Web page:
Granted, some/a few newspapers reported no problems whatsoever. The clerks were gracious and allowed them to take pictures inside the polling place. Others didn’t even feel comfortable with the “below the knees” picture limitation, or told the newspapers they could have no access and couldn’t take pictures.
Thursday, we’re going to get to the heart of the problem with county clerks and their ultimate power of controlling the media in the polling place. Now some of you won’t understand this but believe me a lot of newspapers had problems during Tuesday’s election. Just ask Board members David Dixon and Jeff Jobe. We tried it legislatively in 2009 and didn’t succeed. This time, I’m going to ask the county clerks to adopt with our Board an understanding of how the protocol will be and that’ll save us all from having to go to the legislature. Leigh Ann Thacker, Gary White and I are meeting here at the office with Bill May, the new Frankfort mayor and executive director of the Kentucky County Clerks Association.
Working with the News Editorial Division, and this is still in draft form, but to offer language that should satisfy both sides. My thanx to John Nelson for helping rewrite it to:
(3) A representative of the news media may enter the voting room on Election Day for the limited purpose of filming the voting process for a reasonable amount of time and may be asked for proof of association with a recognized news outlet. The representative of the news media shall not interfere with the voting process or perform tasks deemed to be for the purpose of creating a check off list, in violation of subsection (2).
ONE POTENTIAL SENATE CANDIDATE HAS FAMILIAR LAST NAME
There are two Republicans interested in filling David Williams vacated 16th District Senate seat. One is current State Representative Sara Beth Gregory. The other is an Albany attorney named David Cross. And if the Cross name is familiar, yes that’s Al Cross’ brother.
ANOTHER IDEA FOR A USE OF THE OPEN RECORDS LAW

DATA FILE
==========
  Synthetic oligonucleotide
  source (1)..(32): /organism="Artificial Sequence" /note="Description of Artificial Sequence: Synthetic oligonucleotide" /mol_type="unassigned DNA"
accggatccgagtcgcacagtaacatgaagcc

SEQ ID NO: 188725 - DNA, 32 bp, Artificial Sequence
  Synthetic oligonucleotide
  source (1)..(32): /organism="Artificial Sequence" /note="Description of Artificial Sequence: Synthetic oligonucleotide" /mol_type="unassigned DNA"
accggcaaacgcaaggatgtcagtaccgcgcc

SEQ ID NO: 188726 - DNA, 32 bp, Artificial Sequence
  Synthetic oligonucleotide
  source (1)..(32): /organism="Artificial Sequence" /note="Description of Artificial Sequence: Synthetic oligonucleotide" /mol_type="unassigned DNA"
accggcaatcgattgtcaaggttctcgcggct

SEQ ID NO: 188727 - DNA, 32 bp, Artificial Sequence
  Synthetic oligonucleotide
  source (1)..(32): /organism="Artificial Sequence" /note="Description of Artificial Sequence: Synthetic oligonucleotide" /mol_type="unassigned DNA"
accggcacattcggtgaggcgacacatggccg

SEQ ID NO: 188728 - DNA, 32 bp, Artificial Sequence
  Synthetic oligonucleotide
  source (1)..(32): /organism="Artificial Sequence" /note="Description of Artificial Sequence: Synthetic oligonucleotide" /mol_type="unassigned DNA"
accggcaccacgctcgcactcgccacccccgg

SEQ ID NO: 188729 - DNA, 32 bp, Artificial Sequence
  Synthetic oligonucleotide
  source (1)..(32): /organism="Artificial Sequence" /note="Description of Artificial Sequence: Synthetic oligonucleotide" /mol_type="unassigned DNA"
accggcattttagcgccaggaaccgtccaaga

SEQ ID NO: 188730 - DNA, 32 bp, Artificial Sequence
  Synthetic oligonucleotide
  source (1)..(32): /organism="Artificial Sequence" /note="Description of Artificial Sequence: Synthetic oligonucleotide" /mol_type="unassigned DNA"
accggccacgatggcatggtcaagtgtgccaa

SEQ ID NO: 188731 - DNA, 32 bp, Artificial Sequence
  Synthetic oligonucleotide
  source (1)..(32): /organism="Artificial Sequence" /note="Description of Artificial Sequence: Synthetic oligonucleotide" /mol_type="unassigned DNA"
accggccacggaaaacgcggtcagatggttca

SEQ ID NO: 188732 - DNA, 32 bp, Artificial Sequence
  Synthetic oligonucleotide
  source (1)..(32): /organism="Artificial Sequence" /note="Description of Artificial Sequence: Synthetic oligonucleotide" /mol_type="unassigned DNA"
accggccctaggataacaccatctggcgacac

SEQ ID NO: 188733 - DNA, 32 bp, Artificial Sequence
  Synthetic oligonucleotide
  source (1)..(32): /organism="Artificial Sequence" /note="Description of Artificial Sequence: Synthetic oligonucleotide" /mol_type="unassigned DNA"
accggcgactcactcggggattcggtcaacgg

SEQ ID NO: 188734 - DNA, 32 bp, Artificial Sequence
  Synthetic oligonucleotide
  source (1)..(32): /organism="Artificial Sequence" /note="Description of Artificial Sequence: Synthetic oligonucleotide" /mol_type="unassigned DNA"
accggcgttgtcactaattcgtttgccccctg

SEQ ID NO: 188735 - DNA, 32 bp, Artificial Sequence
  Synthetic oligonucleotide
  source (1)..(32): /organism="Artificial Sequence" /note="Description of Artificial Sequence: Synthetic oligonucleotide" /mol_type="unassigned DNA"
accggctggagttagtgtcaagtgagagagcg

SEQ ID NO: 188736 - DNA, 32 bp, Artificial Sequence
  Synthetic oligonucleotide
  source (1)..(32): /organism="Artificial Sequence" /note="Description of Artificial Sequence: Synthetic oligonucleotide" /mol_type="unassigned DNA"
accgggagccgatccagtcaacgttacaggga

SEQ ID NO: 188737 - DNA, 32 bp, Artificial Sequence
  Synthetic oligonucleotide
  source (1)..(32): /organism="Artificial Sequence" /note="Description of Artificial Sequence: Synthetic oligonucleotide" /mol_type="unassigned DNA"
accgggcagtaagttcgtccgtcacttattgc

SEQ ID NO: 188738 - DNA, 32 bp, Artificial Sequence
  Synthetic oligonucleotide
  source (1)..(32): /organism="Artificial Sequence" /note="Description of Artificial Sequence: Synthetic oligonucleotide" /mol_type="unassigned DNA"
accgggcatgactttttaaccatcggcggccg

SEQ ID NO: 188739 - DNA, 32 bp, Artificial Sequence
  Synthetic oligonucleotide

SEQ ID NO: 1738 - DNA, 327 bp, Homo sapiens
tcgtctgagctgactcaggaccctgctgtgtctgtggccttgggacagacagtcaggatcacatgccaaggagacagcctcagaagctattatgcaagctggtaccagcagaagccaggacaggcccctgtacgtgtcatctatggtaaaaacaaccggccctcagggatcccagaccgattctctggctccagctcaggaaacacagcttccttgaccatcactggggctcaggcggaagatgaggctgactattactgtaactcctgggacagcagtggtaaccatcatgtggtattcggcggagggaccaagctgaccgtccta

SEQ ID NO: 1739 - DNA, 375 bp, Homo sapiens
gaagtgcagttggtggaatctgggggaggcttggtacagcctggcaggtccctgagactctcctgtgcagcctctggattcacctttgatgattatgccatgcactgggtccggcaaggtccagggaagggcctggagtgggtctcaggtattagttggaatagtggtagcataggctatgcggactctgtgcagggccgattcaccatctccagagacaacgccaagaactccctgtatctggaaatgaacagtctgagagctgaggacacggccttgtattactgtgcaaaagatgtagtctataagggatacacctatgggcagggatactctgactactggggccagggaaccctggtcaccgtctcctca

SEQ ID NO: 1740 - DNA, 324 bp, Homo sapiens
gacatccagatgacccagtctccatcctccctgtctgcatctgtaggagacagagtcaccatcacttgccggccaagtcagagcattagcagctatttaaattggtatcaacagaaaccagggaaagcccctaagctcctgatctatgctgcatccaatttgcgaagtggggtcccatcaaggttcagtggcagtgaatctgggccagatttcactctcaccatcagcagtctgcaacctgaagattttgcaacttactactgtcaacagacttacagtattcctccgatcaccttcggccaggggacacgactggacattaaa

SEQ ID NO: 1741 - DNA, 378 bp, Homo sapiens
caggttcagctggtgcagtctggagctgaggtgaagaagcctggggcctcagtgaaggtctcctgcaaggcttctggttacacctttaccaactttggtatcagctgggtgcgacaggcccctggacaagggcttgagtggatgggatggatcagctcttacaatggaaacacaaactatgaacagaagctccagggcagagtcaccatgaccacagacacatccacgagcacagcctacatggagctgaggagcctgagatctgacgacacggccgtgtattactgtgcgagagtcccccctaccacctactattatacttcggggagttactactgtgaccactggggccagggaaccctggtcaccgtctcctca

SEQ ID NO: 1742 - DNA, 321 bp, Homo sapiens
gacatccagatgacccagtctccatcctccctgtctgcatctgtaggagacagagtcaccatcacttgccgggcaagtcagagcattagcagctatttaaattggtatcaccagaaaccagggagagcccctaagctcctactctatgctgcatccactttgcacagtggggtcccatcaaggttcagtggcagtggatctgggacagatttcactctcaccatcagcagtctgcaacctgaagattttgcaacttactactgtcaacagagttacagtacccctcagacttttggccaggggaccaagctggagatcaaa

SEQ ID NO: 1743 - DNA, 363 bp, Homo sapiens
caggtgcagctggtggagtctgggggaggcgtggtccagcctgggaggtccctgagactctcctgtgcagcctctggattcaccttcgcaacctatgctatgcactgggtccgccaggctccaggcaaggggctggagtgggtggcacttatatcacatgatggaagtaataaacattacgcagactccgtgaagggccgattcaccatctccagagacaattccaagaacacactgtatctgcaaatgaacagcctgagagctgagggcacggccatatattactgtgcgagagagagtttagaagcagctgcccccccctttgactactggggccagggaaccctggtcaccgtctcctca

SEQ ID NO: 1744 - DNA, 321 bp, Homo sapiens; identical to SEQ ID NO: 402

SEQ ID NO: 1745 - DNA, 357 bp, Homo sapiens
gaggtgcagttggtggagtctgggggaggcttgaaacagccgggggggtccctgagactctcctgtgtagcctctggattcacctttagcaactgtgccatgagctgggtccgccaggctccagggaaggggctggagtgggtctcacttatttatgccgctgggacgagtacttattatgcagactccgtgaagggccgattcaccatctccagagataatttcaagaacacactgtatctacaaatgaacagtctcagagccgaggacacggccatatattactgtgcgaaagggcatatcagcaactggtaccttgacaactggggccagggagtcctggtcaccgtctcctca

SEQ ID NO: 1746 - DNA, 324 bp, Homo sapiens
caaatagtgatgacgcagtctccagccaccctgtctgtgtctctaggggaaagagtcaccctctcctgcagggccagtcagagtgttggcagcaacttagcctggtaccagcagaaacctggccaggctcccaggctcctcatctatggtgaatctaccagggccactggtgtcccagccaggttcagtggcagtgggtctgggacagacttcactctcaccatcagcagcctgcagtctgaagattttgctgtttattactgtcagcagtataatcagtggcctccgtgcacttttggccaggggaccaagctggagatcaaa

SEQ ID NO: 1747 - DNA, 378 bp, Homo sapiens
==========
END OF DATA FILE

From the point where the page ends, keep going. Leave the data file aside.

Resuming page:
I’ll give you the answer first – 18,885.
Now, got a text from my son-in-law at WLEX-TV. He told me that on Wednesday, Channel 18 filed an open records request for the number of tickets scanned at the UK-Vandy game on Saturday. While the stadium holds about 67,000 and the attendance was announced at about 44,000, all the media reports said the stadium was only about one-third full.
And those estimates weren’t far off.
WLEX’s public records request received a fairly quick response. And UK replied that it scanned 18,885. So figure that was close to the actual attendance, not counting freebies given to recruits, the band, the players and coaches.
The Lexington Herald-Leader went one step further and asked for actual attendance at all games in 2012. Jennifer Smith filed a report on Kentucky.com that showed for each home game, the announced attendance was several thousand above the actual attendance. Jennifer said she asked UK for the totals and was told UK had never been asked that and didn’t have the information. Once she filed the open records request, she was given the announced attendance as well as the actual.
Haven’t heard of a use of the public records law like that but it was a legitimate request. In the future if you get attendance estimates that you think are far off, just file an open records request.